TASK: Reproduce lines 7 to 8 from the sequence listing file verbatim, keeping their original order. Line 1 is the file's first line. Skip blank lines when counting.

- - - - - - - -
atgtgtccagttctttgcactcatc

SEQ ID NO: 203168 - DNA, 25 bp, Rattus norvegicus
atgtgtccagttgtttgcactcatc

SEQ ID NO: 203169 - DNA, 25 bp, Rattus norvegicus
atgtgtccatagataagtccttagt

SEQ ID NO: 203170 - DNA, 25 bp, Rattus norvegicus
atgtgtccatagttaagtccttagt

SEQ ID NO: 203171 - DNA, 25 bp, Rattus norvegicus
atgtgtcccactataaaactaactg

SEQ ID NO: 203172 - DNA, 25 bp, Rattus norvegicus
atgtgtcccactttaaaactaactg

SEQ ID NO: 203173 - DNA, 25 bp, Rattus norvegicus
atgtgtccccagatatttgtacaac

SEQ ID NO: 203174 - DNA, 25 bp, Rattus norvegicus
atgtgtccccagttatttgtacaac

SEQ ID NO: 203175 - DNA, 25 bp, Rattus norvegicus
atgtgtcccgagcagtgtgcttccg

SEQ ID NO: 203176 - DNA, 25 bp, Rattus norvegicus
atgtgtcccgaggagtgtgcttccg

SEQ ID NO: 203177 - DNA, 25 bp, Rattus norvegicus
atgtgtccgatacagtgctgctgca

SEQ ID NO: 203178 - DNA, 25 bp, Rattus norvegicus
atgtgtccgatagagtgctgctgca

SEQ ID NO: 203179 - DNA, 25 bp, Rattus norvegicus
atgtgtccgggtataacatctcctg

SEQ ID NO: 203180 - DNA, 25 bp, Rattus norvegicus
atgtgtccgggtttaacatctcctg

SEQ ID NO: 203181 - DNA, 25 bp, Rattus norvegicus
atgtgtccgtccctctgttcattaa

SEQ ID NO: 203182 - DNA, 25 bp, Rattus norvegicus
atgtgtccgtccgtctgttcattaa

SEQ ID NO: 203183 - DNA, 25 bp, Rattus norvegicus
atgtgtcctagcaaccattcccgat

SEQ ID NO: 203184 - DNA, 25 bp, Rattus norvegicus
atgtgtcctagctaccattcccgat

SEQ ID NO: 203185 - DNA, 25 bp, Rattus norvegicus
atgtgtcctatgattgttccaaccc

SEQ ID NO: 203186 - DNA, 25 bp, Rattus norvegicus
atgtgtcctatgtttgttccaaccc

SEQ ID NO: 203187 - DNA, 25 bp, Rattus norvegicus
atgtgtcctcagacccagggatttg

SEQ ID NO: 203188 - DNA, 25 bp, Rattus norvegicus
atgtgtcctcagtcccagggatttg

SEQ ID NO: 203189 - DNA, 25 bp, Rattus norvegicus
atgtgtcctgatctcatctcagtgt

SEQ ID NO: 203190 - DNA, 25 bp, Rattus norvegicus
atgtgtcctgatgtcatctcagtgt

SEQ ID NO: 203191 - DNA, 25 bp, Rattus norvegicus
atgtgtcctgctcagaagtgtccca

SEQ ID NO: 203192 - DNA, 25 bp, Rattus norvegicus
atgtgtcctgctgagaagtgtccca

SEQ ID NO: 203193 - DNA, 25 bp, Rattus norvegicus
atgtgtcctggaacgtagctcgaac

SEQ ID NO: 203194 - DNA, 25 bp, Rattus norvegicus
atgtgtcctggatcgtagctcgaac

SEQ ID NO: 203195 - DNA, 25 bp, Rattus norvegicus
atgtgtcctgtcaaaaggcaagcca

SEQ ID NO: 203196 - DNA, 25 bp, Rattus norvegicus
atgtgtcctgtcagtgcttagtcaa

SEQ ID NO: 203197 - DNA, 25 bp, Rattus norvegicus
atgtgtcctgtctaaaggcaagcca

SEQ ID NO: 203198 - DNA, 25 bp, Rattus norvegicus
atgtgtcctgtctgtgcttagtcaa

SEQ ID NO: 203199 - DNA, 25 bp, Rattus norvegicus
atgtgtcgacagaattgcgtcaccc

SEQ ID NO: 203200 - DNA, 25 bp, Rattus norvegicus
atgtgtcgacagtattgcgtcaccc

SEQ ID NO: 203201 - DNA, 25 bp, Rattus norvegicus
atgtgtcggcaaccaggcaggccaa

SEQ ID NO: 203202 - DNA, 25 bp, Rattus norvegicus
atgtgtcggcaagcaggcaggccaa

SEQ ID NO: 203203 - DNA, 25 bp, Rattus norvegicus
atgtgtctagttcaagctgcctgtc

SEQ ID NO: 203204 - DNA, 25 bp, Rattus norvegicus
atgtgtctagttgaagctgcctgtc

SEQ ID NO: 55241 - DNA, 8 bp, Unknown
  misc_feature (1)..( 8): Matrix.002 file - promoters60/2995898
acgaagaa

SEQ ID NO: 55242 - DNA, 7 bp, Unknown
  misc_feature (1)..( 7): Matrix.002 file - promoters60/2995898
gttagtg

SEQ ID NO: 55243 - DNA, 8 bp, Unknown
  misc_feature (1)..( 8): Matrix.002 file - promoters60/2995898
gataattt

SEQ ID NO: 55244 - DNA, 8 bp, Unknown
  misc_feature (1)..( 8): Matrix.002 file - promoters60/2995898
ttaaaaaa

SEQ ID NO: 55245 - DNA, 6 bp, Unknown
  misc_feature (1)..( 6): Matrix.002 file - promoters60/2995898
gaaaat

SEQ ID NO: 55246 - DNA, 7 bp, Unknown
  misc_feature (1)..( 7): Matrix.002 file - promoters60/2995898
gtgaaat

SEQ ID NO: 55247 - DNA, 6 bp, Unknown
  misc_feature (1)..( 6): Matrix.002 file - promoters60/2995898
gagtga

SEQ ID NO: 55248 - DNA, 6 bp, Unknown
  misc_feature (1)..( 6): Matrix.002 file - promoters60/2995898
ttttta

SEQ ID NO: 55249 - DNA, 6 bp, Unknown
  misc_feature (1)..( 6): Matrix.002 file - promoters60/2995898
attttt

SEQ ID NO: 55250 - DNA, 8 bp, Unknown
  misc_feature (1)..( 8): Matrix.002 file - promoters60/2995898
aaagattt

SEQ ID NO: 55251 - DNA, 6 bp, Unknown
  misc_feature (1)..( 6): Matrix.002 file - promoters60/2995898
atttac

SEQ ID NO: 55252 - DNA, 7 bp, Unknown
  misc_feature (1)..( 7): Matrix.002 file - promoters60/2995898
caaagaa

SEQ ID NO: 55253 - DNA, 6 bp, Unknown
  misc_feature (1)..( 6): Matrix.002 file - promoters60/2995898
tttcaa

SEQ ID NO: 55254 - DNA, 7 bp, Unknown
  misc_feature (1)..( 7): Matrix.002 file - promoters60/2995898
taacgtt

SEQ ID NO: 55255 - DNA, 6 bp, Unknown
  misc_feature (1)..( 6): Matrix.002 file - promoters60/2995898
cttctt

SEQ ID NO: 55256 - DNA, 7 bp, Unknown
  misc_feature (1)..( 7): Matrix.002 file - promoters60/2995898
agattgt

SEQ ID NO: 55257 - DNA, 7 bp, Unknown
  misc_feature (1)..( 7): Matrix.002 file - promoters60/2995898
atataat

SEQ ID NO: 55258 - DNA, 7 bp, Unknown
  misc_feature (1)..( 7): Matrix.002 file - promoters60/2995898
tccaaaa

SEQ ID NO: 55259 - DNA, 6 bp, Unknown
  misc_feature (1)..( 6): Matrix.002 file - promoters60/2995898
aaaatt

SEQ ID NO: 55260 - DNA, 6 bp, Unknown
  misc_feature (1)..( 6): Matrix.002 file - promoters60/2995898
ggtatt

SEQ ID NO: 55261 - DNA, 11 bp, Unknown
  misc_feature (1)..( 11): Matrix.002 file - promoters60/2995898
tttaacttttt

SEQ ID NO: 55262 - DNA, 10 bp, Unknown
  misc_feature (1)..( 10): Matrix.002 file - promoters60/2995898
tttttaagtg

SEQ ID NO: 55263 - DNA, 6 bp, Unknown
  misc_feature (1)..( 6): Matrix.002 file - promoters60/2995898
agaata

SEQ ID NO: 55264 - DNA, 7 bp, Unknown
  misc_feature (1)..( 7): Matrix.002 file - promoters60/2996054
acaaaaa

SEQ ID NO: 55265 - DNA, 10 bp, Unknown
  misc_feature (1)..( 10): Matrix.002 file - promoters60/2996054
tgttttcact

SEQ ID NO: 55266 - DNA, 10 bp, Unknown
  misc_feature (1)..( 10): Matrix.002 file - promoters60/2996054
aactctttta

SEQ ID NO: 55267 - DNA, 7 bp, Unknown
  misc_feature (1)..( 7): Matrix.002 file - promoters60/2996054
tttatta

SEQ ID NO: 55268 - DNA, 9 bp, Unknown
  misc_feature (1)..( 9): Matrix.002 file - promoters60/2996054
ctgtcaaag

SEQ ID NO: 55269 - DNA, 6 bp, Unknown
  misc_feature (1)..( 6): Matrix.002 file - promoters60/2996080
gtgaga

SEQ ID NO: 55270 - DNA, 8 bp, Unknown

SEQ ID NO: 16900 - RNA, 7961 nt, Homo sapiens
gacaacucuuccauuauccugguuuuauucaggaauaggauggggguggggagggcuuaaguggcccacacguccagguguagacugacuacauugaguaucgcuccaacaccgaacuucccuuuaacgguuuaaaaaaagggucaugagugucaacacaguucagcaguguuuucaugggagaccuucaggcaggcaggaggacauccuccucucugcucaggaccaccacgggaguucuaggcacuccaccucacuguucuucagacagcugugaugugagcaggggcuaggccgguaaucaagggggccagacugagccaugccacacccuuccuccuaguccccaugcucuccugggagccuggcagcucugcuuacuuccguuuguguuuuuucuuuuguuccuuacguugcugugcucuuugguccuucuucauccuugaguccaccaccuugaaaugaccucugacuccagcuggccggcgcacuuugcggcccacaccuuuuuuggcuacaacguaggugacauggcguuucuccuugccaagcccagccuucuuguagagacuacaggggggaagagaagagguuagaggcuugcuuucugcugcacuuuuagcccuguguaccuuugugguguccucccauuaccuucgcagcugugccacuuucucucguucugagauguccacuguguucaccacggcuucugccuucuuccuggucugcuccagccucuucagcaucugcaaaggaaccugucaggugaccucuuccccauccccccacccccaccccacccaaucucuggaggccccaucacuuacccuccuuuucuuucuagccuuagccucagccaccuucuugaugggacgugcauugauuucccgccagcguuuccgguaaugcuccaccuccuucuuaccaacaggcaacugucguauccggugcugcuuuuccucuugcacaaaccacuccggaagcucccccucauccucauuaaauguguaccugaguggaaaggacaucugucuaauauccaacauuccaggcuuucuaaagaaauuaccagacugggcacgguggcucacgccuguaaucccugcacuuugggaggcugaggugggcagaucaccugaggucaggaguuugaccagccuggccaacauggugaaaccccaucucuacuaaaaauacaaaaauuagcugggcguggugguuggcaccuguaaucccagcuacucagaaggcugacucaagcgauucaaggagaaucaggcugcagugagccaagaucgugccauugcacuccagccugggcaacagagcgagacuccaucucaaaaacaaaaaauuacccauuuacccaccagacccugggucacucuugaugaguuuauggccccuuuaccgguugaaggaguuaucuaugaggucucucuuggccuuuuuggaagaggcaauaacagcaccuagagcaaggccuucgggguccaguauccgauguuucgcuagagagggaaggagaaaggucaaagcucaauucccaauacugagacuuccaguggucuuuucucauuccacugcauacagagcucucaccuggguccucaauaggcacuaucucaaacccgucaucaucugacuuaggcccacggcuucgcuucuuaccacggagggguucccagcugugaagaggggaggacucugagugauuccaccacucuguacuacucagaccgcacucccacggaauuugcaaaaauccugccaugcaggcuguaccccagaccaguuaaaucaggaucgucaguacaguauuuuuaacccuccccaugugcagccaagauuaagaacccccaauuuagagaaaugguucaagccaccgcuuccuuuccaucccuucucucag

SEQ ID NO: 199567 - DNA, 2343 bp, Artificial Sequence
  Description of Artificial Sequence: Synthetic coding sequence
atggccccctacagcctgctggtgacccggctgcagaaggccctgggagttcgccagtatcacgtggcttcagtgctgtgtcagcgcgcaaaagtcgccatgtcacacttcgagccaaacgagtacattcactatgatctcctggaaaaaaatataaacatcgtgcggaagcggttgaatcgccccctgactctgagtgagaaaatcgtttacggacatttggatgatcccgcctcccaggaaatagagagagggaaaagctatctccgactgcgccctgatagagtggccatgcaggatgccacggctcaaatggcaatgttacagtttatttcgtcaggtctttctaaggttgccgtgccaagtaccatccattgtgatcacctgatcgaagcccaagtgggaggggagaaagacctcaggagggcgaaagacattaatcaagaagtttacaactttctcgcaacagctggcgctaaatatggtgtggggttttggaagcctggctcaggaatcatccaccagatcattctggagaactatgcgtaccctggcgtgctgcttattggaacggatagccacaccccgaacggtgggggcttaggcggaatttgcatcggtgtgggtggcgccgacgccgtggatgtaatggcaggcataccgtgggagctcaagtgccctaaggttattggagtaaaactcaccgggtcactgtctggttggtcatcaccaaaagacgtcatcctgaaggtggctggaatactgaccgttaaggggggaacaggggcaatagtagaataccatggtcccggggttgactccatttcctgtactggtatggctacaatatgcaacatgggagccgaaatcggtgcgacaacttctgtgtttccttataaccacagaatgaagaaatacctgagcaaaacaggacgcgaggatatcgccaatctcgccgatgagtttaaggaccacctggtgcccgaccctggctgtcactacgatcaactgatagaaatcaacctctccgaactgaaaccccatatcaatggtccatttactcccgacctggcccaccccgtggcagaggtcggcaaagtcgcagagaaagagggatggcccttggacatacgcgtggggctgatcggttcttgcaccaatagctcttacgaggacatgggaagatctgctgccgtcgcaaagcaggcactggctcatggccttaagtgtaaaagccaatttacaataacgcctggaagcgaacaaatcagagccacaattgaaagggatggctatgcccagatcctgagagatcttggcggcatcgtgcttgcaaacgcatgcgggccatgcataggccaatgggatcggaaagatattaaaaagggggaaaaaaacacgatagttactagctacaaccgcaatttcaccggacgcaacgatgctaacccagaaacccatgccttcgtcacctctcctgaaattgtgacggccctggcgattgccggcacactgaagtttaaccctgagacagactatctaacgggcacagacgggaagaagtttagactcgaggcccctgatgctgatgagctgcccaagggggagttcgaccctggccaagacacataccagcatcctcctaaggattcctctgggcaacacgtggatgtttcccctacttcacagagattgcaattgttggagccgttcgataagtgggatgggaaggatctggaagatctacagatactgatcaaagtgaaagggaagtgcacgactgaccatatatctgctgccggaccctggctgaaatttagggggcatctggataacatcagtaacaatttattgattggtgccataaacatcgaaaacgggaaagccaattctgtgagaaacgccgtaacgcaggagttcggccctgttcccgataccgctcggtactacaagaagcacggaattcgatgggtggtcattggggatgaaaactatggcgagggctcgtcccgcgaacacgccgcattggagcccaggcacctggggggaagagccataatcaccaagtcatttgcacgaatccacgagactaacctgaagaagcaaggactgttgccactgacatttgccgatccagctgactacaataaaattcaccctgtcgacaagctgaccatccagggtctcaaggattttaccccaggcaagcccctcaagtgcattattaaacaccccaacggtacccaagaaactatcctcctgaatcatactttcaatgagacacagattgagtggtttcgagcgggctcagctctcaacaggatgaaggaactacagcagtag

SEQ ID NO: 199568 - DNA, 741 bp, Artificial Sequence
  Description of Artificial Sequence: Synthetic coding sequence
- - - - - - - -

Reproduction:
atgtgtccatagttaagtccttagt

SEQ ID NO: 203171 - DNA, 25 bp, Rattus norvegicus